SEASIDE — If the future is what you make it, then the Seaside City Council is ready to work with local residents to do just that.

Each city councilor received an assignment Monday night from members of the city’s Vision 2034 Committee, which has been working several months to develop a direction for the city to head in the next 20 years.

The councilors will meet with residents, employees and visitors to discuss a specific area of interest and to ask what should be maintained and what should be changed in Seaside.

Jon Rahl, director of the Seaside Visitors Bureau, who is on the Vision 2034 Committee, said the topics assigned to each councilor were the most popular areas that popped up in surveys given to residents, visitors and students in grades kindergarten through high school. At least 55 percent of the 522 survey respondents said they would like to participate in additional visioning activities.

Rahl and Esther Moberg, director of the Seaside Public Library, asked the councilors to organize a meeting with survey respondents who had expressed interest in becoming more involved in the project.

The meetings will occur between Friday and May 30, but the deadline may be extended slightly.

In addition, a “student summit” is planned May 21 at Seaside High School, and a town hall meeting will be held in June.

The topics of interest assigned to each councilor were:

• Public safety: Don Johnson

• Business development: Randy Frank

• Environment: Jay Barber

• Parks and recreation: Dana Phillips

• Arts and culture: Tita Montero

• Family involvement: Stubby Lyons

The councilors also will be paired with community partners who don’t hold an elected office.

Mayor Don Larson will oversee all of the topics and meetings and coordinate results with the Vision 2034 Committee.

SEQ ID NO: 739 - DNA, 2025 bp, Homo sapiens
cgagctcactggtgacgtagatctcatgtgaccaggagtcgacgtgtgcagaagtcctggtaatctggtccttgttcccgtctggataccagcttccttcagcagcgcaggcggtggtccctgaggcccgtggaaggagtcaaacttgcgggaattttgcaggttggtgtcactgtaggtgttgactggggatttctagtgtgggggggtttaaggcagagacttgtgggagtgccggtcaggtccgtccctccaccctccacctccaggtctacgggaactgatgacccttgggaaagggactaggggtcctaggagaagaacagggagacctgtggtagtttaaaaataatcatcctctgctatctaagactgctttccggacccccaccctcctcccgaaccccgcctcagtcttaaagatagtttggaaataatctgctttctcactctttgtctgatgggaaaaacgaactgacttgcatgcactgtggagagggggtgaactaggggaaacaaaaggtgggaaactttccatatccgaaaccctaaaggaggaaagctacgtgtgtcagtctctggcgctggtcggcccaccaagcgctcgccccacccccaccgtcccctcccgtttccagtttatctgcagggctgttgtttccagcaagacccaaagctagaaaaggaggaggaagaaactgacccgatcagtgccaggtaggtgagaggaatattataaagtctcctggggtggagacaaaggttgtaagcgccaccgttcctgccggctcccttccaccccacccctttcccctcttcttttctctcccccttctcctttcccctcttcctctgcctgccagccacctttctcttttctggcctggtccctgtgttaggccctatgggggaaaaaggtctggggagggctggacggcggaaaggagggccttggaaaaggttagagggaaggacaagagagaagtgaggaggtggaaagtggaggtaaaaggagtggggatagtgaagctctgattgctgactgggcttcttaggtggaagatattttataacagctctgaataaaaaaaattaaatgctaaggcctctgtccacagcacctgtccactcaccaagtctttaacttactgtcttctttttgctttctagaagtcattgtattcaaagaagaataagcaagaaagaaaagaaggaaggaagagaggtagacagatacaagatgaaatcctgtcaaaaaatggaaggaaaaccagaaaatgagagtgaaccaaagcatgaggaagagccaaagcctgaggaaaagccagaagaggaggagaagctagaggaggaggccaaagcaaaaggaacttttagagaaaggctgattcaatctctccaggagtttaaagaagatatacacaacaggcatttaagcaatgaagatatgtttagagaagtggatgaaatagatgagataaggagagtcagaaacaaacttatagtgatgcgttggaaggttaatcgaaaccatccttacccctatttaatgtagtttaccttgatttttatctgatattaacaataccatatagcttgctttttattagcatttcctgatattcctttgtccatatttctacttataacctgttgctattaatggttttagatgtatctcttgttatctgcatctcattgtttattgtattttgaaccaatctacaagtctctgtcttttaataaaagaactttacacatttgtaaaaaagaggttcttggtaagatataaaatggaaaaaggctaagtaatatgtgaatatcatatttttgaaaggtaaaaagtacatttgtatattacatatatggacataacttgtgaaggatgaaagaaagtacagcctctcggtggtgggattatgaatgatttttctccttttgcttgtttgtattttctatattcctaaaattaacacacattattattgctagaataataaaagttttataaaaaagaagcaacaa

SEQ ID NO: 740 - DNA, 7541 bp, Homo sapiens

Those attending the visioning meetings will be asked on each topic what Seaside’s status is now, where people want to go in that area, what the community should be like and what it will take to get there.

Montero asked Rahl and Moberg if they would define the topics, but Rahl said the topics were kept broad for a reason.

“I’m not sure any of us here wants to define ‘arts and culture’ or ‘business development,’ he said. “I don’t think we want to encourage any constraint.”

Moberg said the councilors could invite people who worked daily in the topic areas, such as those in the Sunset Empire Park and Recreation District or in the arts or business. But, she cautioned, others who aren’t as involved in those areas should also be invited to participate.

“I can see this as being quite extensive,” Larson said.

Montero agreed.

“This is a way for people to expand on what they said in the survey,” she said.

In other business Monday night, the council:

• Approved the formation of a Seaside Public Library foundation. The foundation will establish a 501(c)3 organization to collect donations that will support capital projects and services.

• Recommended approval to the Oregon Liquor Control Commission for a liquor license for Nonni’s Italian Bistro, which will open at 831 Broadway. The applicant was Nancy McKeown, who also operates McKeown’s Restaurant in Seaside.

• Approved a bid of $251,897 to Best Electrical, a Clackamas contractor, for upgrading seven pump stations.


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